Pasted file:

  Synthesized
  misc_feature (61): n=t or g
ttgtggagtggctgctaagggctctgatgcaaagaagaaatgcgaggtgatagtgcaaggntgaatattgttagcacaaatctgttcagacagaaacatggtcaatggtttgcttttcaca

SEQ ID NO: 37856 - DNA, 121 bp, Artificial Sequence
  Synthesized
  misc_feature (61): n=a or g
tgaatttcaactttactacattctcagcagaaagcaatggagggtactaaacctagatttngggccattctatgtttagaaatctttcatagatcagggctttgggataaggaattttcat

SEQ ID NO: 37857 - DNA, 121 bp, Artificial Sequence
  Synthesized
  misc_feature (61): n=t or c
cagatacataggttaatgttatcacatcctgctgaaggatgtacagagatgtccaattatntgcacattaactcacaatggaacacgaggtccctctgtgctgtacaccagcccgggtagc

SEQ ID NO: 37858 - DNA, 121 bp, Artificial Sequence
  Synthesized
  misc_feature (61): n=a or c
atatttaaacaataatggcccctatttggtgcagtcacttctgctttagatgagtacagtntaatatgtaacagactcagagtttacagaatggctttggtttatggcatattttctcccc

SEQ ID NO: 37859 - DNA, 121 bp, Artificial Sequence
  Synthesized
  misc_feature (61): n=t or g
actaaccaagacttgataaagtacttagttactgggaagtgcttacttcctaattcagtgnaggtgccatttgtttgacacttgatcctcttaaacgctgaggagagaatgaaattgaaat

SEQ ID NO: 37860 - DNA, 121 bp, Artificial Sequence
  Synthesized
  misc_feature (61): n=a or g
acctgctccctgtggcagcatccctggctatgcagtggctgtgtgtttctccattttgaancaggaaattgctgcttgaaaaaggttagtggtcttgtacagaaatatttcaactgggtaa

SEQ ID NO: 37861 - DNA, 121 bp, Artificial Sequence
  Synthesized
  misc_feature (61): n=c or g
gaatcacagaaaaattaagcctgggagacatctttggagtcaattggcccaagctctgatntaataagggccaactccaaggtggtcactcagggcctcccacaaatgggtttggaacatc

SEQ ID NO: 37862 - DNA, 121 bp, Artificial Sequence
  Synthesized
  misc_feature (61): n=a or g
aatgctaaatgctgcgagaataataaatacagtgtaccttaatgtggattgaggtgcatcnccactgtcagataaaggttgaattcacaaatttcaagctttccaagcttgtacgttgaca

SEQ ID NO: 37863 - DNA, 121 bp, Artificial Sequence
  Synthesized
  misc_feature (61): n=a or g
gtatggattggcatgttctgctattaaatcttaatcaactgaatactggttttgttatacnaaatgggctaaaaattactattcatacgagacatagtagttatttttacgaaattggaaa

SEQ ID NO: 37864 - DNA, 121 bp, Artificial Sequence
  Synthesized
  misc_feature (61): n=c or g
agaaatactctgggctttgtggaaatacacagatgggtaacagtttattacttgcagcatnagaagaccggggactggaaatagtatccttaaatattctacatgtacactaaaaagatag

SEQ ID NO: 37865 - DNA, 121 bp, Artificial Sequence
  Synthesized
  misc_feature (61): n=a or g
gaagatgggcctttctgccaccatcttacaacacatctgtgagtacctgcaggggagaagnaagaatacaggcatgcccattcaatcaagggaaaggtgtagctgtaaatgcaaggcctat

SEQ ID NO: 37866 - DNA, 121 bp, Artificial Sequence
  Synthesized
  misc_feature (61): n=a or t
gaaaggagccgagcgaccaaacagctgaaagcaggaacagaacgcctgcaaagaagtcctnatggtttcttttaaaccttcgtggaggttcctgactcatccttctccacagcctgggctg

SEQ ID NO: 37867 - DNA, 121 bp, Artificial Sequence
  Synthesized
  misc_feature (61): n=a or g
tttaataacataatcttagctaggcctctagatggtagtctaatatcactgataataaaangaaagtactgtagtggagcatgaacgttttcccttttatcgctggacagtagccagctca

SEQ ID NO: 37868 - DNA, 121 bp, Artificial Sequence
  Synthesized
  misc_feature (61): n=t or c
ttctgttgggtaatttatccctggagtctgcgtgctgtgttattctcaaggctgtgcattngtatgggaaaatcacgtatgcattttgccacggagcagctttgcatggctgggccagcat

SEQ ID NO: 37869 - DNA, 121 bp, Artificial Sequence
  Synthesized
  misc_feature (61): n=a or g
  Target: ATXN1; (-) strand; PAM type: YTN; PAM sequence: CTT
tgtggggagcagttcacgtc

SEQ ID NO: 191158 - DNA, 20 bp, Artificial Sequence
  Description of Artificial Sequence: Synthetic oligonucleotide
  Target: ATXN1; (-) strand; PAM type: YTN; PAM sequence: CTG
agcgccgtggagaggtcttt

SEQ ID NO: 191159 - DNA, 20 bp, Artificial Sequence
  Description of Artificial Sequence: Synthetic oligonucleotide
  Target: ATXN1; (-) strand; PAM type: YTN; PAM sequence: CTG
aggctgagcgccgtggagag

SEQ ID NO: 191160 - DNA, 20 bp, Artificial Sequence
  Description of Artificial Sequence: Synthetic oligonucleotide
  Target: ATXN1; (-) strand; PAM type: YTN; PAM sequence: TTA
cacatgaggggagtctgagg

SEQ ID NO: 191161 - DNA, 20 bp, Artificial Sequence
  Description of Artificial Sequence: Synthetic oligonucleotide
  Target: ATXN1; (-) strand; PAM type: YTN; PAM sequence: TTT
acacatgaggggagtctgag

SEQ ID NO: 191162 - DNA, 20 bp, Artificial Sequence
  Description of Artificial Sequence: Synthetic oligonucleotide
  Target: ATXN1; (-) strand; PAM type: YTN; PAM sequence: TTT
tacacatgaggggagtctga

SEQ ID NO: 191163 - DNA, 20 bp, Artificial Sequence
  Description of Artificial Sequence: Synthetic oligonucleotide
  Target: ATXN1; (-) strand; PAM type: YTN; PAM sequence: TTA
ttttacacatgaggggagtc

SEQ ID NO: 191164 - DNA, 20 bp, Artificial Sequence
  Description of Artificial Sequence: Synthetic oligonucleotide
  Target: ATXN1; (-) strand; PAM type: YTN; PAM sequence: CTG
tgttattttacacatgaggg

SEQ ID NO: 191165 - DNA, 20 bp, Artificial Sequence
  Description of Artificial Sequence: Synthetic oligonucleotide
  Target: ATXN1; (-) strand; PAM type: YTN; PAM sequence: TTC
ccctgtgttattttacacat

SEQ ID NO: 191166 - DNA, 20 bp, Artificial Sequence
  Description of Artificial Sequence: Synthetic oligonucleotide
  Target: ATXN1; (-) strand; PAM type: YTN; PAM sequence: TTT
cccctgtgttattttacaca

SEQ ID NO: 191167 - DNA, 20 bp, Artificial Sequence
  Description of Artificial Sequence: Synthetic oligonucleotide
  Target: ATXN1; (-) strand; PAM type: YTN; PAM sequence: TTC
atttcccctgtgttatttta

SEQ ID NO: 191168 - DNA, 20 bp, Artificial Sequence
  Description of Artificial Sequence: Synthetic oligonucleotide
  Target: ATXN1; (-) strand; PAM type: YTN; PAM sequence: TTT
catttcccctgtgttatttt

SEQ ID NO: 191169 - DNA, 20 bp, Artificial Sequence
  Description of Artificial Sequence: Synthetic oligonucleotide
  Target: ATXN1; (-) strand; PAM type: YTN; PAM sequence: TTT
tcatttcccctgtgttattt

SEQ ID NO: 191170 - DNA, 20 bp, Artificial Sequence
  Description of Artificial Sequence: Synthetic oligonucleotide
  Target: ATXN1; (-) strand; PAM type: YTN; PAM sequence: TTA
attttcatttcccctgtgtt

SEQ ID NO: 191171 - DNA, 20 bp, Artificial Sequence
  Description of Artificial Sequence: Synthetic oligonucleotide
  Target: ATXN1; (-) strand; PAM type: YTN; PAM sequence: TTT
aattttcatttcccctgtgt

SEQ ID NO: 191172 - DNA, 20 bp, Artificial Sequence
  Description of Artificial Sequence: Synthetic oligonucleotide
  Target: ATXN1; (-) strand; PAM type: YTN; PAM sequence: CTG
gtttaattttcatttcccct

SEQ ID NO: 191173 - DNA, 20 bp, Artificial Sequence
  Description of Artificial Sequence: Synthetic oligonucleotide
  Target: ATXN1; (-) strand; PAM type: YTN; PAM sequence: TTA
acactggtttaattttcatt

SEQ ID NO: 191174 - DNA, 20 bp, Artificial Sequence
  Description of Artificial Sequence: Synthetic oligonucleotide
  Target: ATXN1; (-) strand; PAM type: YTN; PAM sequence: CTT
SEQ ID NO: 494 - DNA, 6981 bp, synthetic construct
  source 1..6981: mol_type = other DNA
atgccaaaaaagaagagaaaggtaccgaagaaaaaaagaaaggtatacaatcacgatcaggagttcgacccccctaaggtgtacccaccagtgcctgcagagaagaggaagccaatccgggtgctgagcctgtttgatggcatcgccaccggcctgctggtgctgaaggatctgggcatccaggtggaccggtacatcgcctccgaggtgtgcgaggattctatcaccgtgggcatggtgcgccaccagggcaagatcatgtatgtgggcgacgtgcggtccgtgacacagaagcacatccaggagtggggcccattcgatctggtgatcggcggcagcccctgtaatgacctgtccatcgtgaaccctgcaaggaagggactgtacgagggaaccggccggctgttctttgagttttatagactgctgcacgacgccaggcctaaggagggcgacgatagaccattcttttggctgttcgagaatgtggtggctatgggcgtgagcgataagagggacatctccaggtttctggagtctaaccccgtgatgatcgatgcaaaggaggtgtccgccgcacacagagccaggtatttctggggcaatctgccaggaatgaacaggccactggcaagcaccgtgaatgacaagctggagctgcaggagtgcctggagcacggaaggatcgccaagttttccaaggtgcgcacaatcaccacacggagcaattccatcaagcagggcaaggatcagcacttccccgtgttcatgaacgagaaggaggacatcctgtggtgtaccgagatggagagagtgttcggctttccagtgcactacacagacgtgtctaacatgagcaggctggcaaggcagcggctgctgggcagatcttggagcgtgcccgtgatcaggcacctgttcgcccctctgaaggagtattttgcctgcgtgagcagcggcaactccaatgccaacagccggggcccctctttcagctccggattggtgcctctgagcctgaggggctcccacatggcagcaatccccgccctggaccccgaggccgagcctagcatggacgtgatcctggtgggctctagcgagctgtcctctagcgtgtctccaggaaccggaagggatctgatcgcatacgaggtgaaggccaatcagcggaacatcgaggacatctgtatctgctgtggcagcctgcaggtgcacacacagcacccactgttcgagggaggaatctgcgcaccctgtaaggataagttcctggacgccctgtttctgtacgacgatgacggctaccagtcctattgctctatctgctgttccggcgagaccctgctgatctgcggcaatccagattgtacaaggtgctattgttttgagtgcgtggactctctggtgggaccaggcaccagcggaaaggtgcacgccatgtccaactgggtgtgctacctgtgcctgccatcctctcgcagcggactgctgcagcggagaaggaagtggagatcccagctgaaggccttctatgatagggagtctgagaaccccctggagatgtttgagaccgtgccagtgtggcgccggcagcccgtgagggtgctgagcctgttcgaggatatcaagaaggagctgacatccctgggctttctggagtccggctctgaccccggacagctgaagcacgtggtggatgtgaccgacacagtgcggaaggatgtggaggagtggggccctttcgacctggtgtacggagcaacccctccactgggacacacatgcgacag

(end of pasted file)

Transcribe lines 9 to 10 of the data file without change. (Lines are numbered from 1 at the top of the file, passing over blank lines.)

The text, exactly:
  Synthesized
  misc_feature (61): n=t or c